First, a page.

United States v. George, No. 11-1815 (1st Cir. 2012)Annotate this Case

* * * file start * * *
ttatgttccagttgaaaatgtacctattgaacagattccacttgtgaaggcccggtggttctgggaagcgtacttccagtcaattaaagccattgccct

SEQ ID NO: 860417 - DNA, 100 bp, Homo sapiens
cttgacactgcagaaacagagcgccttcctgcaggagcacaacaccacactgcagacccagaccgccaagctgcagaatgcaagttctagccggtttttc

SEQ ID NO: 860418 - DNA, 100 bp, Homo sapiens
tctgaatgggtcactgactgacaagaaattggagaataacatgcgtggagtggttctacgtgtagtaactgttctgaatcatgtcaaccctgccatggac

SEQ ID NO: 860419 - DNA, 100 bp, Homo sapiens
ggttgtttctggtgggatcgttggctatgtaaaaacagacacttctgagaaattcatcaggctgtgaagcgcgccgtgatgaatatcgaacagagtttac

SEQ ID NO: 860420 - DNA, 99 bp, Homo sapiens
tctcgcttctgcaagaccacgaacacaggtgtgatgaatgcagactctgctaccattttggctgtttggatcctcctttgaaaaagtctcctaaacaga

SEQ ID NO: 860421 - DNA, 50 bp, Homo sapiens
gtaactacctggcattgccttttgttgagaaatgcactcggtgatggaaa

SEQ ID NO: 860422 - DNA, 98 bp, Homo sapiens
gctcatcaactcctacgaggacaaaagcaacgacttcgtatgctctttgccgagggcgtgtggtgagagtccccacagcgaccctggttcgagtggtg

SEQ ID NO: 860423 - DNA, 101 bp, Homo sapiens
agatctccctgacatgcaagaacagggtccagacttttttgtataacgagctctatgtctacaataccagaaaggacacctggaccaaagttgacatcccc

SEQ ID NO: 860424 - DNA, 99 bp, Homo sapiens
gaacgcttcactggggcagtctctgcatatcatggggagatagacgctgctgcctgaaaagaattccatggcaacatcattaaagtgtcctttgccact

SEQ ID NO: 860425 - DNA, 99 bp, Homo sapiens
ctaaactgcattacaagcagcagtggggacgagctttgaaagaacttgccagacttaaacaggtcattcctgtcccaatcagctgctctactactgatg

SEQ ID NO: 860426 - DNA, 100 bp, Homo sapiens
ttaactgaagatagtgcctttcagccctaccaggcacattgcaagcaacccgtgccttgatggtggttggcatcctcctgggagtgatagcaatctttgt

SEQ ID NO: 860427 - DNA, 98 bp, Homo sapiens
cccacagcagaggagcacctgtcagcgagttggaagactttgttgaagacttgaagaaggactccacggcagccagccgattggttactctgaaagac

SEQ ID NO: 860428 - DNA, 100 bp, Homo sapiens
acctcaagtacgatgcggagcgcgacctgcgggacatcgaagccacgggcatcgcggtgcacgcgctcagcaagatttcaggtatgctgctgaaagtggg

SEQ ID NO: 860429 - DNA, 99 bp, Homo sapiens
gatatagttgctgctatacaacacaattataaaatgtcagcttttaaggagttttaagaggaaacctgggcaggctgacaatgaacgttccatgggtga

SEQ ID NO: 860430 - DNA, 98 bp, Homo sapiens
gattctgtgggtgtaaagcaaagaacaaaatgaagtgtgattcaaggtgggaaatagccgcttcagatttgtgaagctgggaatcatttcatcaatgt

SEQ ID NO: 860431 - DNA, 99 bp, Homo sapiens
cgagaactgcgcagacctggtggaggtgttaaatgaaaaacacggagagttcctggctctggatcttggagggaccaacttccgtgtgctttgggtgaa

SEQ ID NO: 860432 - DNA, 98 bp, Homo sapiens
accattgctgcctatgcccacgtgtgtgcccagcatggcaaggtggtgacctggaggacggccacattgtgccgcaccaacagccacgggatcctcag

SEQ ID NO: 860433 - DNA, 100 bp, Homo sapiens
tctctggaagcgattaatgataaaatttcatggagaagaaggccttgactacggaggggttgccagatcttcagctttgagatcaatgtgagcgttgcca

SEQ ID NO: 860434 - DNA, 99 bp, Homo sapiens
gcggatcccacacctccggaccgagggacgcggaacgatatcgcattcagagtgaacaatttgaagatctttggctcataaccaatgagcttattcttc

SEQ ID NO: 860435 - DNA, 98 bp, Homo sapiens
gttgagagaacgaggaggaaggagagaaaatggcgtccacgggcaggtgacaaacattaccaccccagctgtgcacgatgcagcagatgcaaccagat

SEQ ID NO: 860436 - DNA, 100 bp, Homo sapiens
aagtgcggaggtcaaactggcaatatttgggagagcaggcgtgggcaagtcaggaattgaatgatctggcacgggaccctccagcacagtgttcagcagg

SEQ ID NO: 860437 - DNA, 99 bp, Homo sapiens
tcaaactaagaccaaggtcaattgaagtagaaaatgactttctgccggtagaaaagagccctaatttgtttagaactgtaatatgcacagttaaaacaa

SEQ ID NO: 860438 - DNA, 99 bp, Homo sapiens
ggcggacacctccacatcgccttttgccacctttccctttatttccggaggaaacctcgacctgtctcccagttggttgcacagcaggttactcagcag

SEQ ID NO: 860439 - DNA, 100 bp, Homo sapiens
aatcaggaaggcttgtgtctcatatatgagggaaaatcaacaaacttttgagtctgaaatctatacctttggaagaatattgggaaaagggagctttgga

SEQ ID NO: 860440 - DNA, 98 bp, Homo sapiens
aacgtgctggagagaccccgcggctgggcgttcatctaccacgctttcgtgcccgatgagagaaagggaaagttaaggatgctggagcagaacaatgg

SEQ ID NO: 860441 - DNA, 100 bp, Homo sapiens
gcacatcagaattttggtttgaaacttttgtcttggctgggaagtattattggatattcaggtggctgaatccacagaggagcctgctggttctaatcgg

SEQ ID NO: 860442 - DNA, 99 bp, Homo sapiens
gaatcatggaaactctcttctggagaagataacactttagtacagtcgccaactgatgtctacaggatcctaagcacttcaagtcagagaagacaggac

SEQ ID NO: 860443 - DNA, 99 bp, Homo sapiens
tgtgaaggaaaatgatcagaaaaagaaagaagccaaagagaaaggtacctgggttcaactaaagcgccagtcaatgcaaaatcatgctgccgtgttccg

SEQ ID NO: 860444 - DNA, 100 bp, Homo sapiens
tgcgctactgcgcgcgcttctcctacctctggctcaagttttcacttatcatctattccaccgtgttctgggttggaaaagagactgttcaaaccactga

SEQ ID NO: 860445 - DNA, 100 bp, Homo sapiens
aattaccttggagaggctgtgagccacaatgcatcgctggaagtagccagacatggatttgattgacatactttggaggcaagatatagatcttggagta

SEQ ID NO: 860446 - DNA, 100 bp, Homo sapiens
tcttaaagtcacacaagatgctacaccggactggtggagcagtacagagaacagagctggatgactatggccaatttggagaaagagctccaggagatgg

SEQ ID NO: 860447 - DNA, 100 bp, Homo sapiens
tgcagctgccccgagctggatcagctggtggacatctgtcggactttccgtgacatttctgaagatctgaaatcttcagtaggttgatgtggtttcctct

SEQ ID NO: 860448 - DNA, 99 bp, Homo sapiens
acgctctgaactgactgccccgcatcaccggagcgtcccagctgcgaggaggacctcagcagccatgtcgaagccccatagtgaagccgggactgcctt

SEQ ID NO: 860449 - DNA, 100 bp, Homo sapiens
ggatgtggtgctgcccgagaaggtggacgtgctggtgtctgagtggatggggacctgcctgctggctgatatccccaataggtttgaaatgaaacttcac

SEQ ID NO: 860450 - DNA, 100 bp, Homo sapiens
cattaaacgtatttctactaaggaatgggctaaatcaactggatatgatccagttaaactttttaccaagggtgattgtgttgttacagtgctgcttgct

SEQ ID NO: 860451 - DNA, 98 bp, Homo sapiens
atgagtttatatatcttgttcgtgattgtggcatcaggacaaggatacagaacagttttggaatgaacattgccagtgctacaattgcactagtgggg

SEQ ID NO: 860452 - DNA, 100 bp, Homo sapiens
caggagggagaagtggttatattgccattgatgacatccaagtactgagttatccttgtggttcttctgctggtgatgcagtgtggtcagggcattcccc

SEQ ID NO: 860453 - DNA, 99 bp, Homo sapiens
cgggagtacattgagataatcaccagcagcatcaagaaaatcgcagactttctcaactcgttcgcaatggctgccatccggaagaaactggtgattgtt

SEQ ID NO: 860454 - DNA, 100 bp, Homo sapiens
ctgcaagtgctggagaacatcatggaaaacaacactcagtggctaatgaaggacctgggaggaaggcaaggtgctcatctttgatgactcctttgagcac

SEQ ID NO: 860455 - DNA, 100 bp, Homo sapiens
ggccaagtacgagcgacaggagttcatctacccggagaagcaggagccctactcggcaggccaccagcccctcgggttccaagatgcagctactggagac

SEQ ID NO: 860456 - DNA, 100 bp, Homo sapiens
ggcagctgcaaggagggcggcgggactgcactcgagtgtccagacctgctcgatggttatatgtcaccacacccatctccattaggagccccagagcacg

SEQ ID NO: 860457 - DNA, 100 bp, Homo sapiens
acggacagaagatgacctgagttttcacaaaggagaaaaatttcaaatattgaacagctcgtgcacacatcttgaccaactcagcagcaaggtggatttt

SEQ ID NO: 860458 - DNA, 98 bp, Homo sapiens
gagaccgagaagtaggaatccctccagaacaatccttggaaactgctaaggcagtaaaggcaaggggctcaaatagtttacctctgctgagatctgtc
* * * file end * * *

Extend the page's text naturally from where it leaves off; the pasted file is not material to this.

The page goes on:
For 20 years, George was a clerk-magistrate. In 1995, he was charged with conspiracy to commit honest-services wire fraud, 18 U.S.C. 371, 1343, 1346 for selling blank search warrants, used to commit robberies. George entered a plea for a sentence of 20 months and a $10,000 fine. George retired before his plea and began receiving a monthly benefit of $1,424.91, plus health-care. In 2003, the state retirement board suspended benefits; his attorney had advised him that he would remain eligible if he started receiving benefits before he entered a plea. The district court denied his petition for a writ of error coram nobis. The First Circuit affirmed. The Board authorized recoupment of benefits in excess of contributions. In 2010, the Supreme Court held that "intangible right of honest services," in 18 U.S.C. 1346, would be unconstitutionally vague unless limited to schemes involving bribes or kickbacks. George’s second petition was denied. The court found that, in light of Skilling, a fundamental error had occurred, but that cessation of benefits did not constitute a continuing collateral consequence sufficient to justify the remedy. The First Circuit affirmed, referring to a “Hail Mary pass.” A court has discretion to withhold the remedy where the interests of justice dictate.